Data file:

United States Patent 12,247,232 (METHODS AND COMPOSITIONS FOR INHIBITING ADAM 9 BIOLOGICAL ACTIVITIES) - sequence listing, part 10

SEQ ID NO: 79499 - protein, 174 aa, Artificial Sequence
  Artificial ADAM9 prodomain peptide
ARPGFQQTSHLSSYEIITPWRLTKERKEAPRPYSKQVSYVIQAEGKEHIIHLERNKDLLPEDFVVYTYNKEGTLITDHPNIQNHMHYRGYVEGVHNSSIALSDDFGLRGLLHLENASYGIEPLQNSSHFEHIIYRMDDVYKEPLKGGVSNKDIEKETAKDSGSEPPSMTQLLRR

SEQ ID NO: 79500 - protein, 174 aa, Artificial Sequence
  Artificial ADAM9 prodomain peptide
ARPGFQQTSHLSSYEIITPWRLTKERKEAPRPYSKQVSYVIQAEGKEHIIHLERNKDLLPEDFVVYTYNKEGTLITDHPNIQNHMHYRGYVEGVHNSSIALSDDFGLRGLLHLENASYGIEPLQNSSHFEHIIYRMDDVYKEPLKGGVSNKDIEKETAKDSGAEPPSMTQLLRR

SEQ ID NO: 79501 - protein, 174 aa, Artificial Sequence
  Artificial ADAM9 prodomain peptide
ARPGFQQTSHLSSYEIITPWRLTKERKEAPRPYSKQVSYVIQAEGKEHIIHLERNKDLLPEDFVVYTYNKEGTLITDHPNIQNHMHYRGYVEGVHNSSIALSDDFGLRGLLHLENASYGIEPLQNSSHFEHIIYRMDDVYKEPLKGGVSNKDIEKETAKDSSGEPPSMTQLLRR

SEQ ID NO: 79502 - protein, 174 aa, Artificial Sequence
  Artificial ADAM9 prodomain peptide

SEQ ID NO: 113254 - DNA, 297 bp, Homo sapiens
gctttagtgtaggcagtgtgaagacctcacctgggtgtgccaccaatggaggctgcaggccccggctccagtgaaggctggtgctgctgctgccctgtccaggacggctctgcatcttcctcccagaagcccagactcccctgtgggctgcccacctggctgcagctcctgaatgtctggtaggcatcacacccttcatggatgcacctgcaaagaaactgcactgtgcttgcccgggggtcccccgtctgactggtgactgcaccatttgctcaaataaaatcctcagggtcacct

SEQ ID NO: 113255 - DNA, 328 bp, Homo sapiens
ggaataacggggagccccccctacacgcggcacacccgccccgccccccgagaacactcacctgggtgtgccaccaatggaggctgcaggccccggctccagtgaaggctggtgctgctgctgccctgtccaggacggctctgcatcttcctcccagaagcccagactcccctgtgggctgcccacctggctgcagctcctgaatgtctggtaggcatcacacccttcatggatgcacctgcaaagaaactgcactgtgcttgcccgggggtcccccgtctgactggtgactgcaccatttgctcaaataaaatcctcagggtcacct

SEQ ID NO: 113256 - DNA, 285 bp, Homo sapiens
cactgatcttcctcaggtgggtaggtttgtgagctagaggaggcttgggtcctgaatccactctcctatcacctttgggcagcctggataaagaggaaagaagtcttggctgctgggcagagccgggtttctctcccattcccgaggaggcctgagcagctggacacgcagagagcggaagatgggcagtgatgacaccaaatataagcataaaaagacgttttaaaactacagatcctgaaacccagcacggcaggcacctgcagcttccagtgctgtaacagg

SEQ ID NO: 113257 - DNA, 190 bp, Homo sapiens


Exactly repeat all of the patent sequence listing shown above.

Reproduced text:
United States Patent 12,247,232 (METHODS AND COMPOSITIONS FOR INHIBITING ADAM 9 BIOLOGICAL ACTIVITIES) - sequence listing, part 10

SEQ ID NO: 79499 - protein, 174 aa, Artificial Sequence
  Artificial ADAM9 prodomain peptide
ARPGFQQTSHLSSYEIITPWRLTKERKEAPRPYSKQVSYVIQAEGKEHIIHLERNKDLLPEDFVVYTYNKEGTLITDHPNIQNHMHYRGYVEGVHNSSIALSDDFGLRGLLHLENASYGIEPLQNSSHFEHIIYRMDDVYKEPLKGGVSNKDIEKETAKDSGSEPPSMTQLLRR

SEQ ID NO: 79500 - protein, 174 aa, Artificial Sequence
  Artificial ADAM9 prodomain peptide
ARPGFQQTSHLSSYEIITPWRLTKERKEAPRPYSKQVSYVIQAEGKEHIIHLERNKDLLPEDFVVYTYNKEGTLITDHPNIQNHMHYRGYVEGVHNSSIALSDDFGLRGLLHLENASYGIEPLQNSSHFEHIIYRMDDVYKEPLKGGVSNKDIEKETAKDSGAEPPSMTQLLRR

SEQ ID NO: 79501 - protein, 174 aa, Artificial Sequence
  Artificial ADAM9 prodomain peptide
ARPGFQQTSHLSSYEIITPWRLTKERKEAPRPYSKQVSYVIQAEGKEHIIHLERNKDLLPEDFVVYTYNKEGTLITDHPNIQNHMHYRGYVEGVHNSSIALSDDFGLRGLLHLENASYGIEPLQNSSHFEHIIYRMDDVYKEPLKGGVSNKDIEKETAKDSSGEPPSMTQLLRR

SEQ ID NO: 79502 - protein, 174 aa, Artificial Sequence
  Artificial ADAM9 prodomain peptide

SEQ ID NO: 113254 - DNA, 297 bp, Homo sapiens
gctttagtgtaggcagtgtgaagacctcacctgggtgtgccaccaatggaggctgcaggccccggctccagtgaaggctggtgctgctgctgccctgtccaggacggctctgcatcttcctcccagaagcccagactcccctgtgggctgcccacctggctgcagctcctgaatgtctggtaggcatcacacccttcatggatgcacctgcaaagaaactgcactgtgcttgcccgggggtcccccgtctgactggtgactgcaccatttgctcaaataaaatcctcagggtcacct

SEQ ID NO: 113255 - DNA, 328 bp, Homo sapiens
ggaataacggggagccccccctacacgcggcacacccgccccgccccccgagaacactcacctgggtgtgccaccaatggaggctgcaggccccggctccagtgaaggctggtgctgctgctgccctgtccaggacggctctgcatcttcctcccagaagcccagactcccctgtgggctgcccacctggctgcagctcctgaatgtctggtaggcatcacacccttcatggatgcacctgcaaagaaactgcactgtgcttgcccgggggtcccccgtctgactggtgactgcaccatttgctcaaataaaatcctcagggtcacct

SEQ ID NO: 113256 - DNA, 285 bp, Homo sapiens
cactgatcttcctcaggtgggtaggtttgtgagctagaggaggcttgggtcctgaatccactctcctatcacctttgggcagcctggataaagaggaaagaagtcttggctgctgggcagagccgggtttctctcccattcccgaggaggcctgagcagctggacacgcagagagcggaagatgggcagtgatgacaccaaatataagcataaaaagacgttttaaaactacagatcctgaaacccagcacggcaggcacctgcagcttccagtgctgtaacagg

SEQ ID NO: 113257 - DNA, 190 bp, Homo sapiens